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Leaf collection starts this month in Fort Wayne.

Verbatim: Dispose of leaves properly

Statement issued Monday by the Indiana Department of Environmental Management:

Hoosiers will soon be pulling out their fall gear as cooler air temperatures start to envelop the state. Along with the cooler temperatures, falling leaves and rakes will make reappearance in yards, as well.

The Indiana Department of Environmental Management (IDEM) offers a reminder of environmentally-friendly ways to rid yards of leaves and other yard wastes, such as grass clippings, branches and weeds, instead of burning.

Smoke from burning yard waste affects air quality. The smoke emits carbon monoxide, nitrogen oxides, fine particles and ozone-forming chemicals. The elderly, young children and individuals with respiratory or heart ailments are particularly vulnerable to ill health effects from fine particle emissions.

There are simple things every one can do to improve air quality, starting with the disposal of yard debris. The best way to get rid of leaves, branches and other yard wastes is by composting, chipping and mulching. These options can be done in your own yard or through a program set up with your city, township or county. Composting returns nutrients to the soil instead of releasing harmful chemicals into the air. Chipped wood can be used around trees and in flower beds to retain soil moisture and control weeds. Mulching leaves on the lawn with a lawn mower returns nutrients to the grass, fertilizing your yard.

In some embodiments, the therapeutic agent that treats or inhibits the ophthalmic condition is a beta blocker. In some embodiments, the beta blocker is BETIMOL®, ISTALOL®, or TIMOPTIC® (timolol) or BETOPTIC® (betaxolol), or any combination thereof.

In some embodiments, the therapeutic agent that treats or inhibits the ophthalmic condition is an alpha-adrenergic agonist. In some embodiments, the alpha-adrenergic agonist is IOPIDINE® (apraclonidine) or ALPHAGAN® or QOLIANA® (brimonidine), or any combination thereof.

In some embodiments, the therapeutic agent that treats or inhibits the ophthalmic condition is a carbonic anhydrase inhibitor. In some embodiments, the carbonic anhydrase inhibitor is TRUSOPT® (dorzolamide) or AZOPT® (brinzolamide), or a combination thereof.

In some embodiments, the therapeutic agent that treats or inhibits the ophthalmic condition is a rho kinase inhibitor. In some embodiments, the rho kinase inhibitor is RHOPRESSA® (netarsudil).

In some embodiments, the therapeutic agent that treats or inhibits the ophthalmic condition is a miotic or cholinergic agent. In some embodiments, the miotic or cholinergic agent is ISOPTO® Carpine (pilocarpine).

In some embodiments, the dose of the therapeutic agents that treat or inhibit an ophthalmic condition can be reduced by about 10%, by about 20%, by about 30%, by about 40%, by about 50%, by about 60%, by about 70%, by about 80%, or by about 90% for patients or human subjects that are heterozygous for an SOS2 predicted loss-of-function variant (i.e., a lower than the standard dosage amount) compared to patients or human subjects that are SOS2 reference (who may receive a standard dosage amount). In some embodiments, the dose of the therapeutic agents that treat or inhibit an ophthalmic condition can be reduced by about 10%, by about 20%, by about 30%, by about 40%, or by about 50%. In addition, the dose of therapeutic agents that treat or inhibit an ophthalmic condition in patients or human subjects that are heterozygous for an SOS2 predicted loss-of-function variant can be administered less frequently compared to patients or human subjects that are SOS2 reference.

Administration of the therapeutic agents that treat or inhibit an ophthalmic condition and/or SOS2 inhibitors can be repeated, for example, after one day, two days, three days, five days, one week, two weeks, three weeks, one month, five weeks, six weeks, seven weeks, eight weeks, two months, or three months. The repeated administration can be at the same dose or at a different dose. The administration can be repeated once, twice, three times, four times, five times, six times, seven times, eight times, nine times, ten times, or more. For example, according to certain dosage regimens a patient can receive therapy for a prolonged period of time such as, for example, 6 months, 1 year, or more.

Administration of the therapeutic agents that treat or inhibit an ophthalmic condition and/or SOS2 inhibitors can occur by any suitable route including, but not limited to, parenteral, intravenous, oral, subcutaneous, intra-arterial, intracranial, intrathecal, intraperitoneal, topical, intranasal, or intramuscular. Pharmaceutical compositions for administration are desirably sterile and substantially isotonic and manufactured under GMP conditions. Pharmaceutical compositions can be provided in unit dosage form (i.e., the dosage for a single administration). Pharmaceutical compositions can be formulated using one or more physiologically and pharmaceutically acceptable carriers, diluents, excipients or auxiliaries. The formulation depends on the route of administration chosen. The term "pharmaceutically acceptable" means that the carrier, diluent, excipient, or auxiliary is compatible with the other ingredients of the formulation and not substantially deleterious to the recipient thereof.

Raking leaves into a pile and composting them over the winter creates a fertile soil amendment that can be used for flower beds, gardens and potted plants in the spring. Some types of food scraps can be added to an active compost pile year-round to reduce the amount of kitchen waste being sent to landfills.

"Since burning leaves, twigs and other yard waste is bad for the environment, I strongly recommend considering alternative ways of ridding your yard of waste," said IDEM Commissioner Thomas Easterly. "Smoke is unhealthy to breathe, it's a hazard, and there are safer, cleaner and more environmentally-friendly ways of disposal."

To learn more about ways to dispose of yard debris, visit IDEM's Web site at

Journey through gardening season with Rosa Salter Rodriguez (feature writer), Anne Gregory (Web editor and writer), Frank Noonan (copy editor) and Cathie Rowand (photographer)